Summary: Fourth year junior who has been through the ringer when it comes to injuries. Season enders to his leg, back, and knee have cut him short in 3 of his 4 years with the Sooners. The medicals with him could be the make or break when it comes to the final grade. On the field, Anderson is as impactful as any running back in the class. He has the kind of lower body ease and fluidity paired with a nice burst and long speed that can take a small window into a huge gain. Anderson moves exceptionally well and the fact he does it at 220+ pounds with excellent vision and feel make him a very attractive prospect. If the health stays on the positive side, Anderson could be one of the best players in this class a few years from now.

*One of the biggest injury risks in the draft, I won’t deny that. I did factor that into my grade and if he had a complete clean bill of health, we are talking about a top 10 overall player, as I think he does have that kind of ability. Anderson moves exceptionally well for a back with his size and there is a natural ability to find lanes and creases. I love his game but there is no denying his risky, to be kind, injury history.

NFL Comparison: Darrell Williams / KC

4: David Montgomery – Iowa State – 5’10/222

Grade: 78

Summary: Junior entry. A two-plus year starter who ended up on the All-Big 12 squad in both 2017 and 2018. Montgomery lacks some of the sexy highlights that some other running backs can put on display, but make no mistake about his final grade. He is a chains mover who constantly breaks through initial contact and picks up plenty of yards after contact with a running style that breeds contact balance and vision. His hands are a weapon and as long as he can improve his blocking presence, he has every-down starter written all over him. Never a star, but certainly a safe and reliable back you should not sleep on.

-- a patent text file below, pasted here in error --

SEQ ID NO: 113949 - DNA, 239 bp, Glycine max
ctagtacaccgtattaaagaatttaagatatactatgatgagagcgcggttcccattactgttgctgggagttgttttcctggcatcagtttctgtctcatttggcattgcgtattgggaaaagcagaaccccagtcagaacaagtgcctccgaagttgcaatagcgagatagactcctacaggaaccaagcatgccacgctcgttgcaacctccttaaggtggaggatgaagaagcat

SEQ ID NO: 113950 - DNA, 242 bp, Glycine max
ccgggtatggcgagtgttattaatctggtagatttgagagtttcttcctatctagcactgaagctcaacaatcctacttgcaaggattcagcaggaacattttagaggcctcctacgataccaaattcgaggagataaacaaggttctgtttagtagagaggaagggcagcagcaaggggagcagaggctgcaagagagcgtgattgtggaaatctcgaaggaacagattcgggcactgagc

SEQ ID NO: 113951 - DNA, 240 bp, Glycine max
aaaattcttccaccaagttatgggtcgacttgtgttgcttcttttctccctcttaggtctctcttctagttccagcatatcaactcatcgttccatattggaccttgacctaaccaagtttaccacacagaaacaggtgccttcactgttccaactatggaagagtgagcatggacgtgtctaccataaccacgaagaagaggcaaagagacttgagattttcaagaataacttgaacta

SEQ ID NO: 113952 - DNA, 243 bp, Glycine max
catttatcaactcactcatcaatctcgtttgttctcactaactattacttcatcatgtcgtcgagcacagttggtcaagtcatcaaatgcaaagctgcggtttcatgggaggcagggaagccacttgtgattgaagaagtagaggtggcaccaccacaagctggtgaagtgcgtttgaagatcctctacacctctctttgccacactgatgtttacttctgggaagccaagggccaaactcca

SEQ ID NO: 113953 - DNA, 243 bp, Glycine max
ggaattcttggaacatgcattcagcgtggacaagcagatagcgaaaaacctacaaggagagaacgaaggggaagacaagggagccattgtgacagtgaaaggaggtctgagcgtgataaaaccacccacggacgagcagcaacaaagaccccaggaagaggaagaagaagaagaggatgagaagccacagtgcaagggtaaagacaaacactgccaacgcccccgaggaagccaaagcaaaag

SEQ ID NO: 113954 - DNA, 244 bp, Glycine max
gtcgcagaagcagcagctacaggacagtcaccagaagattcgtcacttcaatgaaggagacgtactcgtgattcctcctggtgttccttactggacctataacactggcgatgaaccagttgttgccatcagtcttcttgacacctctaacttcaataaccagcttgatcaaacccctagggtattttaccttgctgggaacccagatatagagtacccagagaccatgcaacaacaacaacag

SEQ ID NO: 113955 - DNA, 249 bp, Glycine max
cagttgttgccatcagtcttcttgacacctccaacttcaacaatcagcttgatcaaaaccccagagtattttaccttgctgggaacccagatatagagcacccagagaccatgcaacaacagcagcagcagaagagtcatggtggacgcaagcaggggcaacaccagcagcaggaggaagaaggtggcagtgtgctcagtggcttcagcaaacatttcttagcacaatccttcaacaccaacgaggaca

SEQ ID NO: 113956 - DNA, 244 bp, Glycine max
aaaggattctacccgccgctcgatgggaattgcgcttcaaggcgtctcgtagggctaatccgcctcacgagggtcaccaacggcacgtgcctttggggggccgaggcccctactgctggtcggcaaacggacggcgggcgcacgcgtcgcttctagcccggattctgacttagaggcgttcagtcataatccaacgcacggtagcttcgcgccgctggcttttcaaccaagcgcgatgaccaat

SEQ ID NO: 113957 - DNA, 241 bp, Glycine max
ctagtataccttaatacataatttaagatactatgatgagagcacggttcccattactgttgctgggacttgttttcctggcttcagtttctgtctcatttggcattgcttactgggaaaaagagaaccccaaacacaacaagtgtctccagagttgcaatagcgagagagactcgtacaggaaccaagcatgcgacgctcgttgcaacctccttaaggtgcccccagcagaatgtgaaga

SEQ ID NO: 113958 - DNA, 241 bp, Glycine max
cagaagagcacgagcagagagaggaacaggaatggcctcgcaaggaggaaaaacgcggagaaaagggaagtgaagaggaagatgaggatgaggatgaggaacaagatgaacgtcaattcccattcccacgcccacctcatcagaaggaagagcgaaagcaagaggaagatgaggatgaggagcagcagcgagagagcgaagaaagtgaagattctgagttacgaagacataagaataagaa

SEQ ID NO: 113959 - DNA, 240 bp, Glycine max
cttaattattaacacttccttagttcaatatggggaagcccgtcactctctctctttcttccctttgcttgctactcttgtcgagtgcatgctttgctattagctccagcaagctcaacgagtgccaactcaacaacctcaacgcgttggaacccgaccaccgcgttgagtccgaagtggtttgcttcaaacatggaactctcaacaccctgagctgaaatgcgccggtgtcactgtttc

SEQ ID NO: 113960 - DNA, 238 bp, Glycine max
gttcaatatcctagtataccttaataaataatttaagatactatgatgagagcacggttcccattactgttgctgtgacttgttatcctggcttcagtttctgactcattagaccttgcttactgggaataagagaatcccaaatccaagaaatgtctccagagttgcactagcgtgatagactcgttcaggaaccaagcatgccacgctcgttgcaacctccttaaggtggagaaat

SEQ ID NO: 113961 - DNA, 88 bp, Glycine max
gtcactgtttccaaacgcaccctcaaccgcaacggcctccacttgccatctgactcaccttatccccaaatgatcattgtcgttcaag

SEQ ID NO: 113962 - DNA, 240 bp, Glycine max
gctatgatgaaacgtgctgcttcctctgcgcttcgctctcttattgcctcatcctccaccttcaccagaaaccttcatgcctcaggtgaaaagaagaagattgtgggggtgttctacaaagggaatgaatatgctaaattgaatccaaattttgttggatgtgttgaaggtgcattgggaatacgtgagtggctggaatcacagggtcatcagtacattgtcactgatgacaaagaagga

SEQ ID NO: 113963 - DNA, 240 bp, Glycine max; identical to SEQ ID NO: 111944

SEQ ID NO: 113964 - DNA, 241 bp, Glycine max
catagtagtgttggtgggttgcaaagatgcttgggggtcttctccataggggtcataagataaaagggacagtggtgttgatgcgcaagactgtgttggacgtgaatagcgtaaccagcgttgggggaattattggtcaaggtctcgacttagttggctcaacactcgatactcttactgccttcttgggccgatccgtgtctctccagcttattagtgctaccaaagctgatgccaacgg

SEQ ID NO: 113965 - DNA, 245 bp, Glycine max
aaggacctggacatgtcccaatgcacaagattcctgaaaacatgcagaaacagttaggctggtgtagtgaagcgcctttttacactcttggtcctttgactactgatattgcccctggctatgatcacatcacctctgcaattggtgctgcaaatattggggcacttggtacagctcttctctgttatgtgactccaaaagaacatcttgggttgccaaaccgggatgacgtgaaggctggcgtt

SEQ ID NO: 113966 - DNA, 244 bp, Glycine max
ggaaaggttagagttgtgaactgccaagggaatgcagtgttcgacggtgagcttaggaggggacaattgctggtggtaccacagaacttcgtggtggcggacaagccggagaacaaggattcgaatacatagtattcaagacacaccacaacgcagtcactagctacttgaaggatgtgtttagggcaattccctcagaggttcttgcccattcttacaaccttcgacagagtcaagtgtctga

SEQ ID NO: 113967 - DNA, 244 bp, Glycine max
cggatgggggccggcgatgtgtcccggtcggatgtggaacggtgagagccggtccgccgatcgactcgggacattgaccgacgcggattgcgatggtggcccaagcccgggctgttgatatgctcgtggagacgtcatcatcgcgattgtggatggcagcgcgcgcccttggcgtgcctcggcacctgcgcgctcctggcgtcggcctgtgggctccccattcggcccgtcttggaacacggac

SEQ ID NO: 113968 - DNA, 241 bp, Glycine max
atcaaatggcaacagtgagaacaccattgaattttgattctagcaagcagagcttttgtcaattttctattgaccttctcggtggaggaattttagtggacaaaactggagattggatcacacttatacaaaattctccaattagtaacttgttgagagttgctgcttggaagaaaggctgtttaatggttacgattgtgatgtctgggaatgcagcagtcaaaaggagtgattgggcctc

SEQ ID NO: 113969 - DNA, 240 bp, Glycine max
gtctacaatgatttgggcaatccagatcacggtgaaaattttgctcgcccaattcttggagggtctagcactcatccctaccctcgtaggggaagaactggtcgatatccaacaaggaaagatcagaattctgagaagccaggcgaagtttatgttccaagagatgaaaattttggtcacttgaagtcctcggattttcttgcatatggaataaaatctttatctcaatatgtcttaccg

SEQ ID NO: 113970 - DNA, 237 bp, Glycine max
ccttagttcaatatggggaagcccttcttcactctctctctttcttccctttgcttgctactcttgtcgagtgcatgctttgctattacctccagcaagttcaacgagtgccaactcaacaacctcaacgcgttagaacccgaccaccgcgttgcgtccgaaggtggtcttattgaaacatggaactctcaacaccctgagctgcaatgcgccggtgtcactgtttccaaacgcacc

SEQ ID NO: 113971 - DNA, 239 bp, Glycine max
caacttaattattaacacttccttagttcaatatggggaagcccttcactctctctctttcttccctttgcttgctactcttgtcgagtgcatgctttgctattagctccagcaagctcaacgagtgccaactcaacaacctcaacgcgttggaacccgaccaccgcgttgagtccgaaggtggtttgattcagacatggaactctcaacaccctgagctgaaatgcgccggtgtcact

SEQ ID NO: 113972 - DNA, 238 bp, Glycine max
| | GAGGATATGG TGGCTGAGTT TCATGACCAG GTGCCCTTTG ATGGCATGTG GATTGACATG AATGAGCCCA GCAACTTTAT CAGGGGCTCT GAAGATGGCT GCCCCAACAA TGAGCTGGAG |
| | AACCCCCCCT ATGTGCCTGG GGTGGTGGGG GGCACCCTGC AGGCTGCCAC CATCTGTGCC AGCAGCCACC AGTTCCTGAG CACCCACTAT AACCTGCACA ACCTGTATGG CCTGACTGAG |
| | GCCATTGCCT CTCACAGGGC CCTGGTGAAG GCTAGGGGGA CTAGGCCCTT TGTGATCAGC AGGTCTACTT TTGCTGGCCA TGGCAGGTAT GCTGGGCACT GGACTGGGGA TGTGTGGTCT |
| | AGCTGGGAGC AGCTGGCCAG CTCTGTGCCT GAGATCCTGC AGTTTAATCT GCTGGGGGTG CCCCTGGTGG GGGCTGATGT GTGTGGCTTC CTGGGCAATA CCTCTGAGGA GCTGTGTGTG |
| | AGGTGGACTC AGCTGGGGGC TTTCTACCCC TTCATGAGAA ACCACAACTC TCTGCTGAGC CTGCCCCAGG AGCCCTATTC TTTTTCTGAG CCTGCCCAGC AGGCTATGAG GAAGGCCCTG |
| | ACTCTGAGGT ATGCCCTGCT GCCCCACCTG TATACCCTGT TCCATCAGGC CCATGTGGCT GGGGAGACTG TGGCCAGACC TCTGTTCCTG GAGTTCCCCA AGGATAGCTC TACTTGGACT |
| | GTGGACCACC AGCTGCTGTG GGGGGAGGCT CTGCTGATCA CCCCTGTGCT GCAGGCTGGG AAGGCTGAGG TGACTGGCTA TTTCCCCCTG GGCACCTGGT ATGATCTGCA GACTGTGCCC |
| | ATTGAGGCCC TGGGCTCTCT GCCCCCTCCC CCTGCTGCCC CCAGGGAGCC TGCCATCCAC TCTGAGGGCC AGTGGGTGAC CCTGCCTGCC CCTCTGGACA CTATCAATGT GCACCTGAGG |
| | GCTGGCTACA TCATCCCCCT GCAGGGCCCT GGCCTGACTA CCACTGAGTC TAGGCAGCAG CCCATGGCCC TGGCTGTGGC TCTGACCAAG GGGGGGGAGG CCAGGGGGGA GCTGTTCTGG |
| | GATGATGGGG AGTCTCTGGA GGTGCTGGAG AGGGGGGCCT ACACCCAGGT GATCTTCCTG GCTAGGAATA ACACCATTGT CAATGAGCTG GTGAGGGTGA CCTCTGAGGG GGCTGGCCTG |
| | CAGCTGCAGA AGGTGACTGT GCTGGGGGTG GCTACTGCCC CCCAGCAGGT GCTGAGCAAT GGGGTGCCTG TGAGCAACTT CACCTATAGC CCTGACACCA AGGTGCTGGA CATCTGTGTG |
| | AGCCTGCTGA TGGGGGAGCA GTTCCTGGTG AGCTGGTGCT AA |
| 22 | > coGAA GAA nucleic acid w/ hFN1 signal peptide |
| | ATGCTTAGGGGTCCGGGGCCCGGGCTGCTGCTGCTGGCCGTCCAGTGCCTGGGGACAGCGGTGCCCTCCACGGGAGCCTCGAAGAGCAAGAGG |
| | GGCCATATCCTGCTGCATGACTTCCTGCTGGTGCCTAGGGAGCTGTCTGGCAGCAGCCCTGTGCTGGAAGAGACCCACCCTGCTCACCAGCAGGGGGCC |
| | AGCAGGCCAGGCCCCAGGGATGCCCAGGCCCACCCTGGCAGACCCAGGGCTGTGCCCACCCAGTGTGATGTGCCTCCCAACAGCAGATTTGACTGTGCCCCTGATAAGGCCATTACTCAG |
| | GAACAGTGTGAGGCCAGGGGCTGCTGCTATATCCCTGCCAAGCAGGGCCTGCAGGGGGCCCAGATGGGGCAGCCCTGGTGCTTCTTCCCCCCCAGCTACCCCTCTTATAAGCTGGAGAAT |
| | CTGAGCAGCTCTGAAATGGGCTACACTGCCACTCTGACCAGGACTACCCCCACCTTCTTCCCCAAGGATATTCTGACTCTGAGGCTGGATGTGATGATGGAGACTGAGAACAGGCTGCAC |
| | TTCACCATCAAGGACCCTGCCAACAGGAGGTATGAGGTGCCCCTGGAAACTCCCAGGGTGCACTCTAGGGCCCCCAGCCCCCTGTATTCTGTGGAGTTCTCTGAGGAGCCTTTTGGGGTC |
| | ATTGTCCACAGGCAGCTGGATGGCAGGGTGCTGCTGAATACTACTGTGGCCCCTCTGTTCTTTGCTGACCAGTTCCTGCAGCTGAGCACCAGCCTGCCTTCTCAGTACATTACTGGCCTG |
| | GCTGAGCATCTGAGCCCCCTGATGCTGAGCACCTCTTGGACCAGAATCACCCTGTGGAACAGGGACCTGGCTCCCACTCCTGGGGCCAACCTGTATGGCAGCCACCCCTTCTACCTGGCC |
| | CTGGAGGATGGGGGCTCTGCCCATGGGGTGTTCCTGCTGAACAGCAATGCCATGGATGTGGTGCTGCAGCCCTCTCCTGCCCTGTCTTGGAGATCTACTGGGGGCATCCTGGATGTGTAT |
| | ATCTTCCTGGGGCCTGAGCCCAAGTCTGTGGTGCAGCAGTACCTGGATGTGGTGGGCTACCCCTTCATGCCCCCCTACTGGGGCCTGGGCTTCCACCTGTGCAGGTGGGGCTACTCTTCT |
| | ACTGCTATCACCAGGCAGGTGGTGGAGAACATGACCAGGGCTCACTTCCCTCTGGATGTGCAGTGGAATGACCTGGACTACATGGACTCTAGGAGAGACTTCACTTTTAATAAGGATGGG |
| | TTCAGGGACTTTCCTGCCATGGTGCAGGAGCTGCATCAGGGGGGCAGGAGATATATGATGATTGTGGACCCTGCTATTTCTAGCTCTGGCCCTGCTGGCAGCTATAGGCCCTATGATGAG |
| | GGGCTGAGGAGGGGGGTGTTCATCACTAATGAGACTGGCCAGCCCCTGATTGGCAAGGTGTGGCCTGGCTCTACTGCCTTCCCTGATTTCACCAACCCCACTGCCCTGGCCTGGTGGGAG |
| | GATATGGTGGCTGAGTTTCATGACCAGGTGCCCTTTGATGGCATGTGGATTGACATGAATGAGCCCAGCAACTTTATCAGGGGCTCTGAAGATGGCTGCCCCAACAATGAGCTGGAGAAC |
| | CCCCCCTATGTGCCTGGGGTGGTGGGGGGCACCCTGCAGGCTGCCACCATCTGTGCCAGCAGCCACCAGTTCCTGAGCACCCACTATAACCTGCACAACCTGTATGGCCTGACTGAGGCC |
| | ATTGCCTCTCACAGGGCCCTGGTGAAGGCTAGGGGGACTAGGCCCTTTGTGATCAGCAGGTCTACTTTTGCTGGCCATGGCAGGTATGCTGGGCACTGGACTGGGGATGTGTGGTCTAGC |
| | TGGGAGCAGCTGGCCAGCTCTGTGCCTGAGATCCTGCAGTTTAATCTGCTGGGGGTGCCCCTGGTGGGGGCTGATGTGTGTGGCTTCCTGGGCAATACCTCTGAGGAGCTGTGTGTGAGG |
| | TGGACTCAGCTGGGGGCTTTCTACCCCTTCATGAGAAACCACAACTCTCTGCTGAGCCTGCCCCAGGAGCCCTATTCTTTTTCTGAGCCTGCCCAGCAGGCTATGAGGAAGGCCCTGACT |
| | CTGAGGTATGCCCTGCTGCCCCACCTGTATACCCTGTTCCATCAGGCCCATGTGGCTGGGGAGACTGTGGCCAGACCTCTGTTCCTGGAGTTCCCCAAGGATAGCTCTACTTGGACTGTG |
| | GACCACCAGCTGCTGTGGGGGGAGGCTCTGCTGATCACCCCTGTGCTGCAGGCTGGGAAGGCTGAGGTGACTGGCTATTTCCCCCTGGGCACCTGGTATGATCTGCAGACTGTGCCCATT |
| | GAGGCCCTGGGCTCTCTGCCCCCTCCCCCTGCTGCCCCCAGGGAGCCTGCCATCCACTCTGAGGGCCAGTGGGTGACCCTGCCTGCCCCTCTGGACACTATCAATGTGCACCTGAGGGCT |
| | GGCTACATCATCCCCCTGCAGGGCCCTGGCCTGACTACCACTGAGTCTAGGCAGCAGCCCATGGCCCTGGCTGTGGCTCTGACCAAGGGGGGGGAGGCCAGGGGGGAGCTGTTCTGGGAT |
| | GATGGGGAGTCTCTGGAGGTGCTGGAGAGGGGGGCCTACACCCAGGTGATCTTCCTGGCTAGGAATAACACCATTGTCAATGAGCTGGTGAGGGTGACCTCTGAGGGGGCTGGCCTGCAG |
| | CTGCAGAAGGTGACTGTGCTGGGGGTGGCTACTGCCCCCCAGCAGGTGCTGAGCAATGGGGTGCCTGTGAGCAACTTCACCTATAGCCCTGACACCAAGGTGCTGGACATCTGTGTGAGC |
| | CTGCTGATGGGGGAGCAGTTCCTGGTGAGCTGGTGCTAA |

*In a complimentary fashion, Montgomery reminds me of a poor man’s Saquon. He doesn’t have anything near the tools Barkley has, but the way he can see things, change direction, and burst from a small position gets him a lot of extra yards. Montgomery is a tough dude too, one who will always fall forward and stay hungry to make things happen. Starting caliber back.

NFL Comparison: Mark Ingram / BAL

5: Trayveon Willians – Texas A&M – 5’8/206

Grade: 77

Summary: Junior entry. After two solid years for the Aggies where he led the team in rushing both times, Williams broke on to the national scene in 2018. The 1st Team All SEC running back led the conference in rushing while setting a school-single season rushing record. The big play back brings the kind of excitement and big play potential to the field the second he steps foot on it. Despite being on the small side, Williams is very effective in both space and traffic. He can see the field and make fast decisions, sneaking by defenders and wiggling his way into the open field. Once there, he can take it the house every time. While he isn’t the every down franchise back, Williams is a weapon right away that can change an offense.

*This kid is a gamer. He plays with the kind of attitude I want out of a back when it comes to hunger, desire, and hustle. He runs bigger than his listed size and even though I don’t see him as a 20+ touch per game guy, he would be a nice compliment to a backfield that needs spark. Impressed in interviews as well, although his workouts left a little to be desired. Really could see him in round 2 and round 5 based on what teams want.

NFL Comparison: Nyheim Hines / IND

6: Bryce Love – Stanford – 5’9/200

Grade: 75

Summary: After sitting behind Christian McCaffrey for 2 years, Love broke out in 2017 with a 2,000+ yard season, winning the Doak Walker Award. He opted to return for his senior season to finish his degree, which may help him with life after football, but on the field it did not. For the second straight year he fought through nagging ankle injuries before ultimately tearing his ACL late in the season. His pre-draft process is all about rehab rather than displaying his sub 4.4 speed. The recovery is key to his grade but even if he gets the green light, teams will have to be worried about a 200 pound back in the NFL. His best fit would be in an offense where is a package player early on, not a focal point.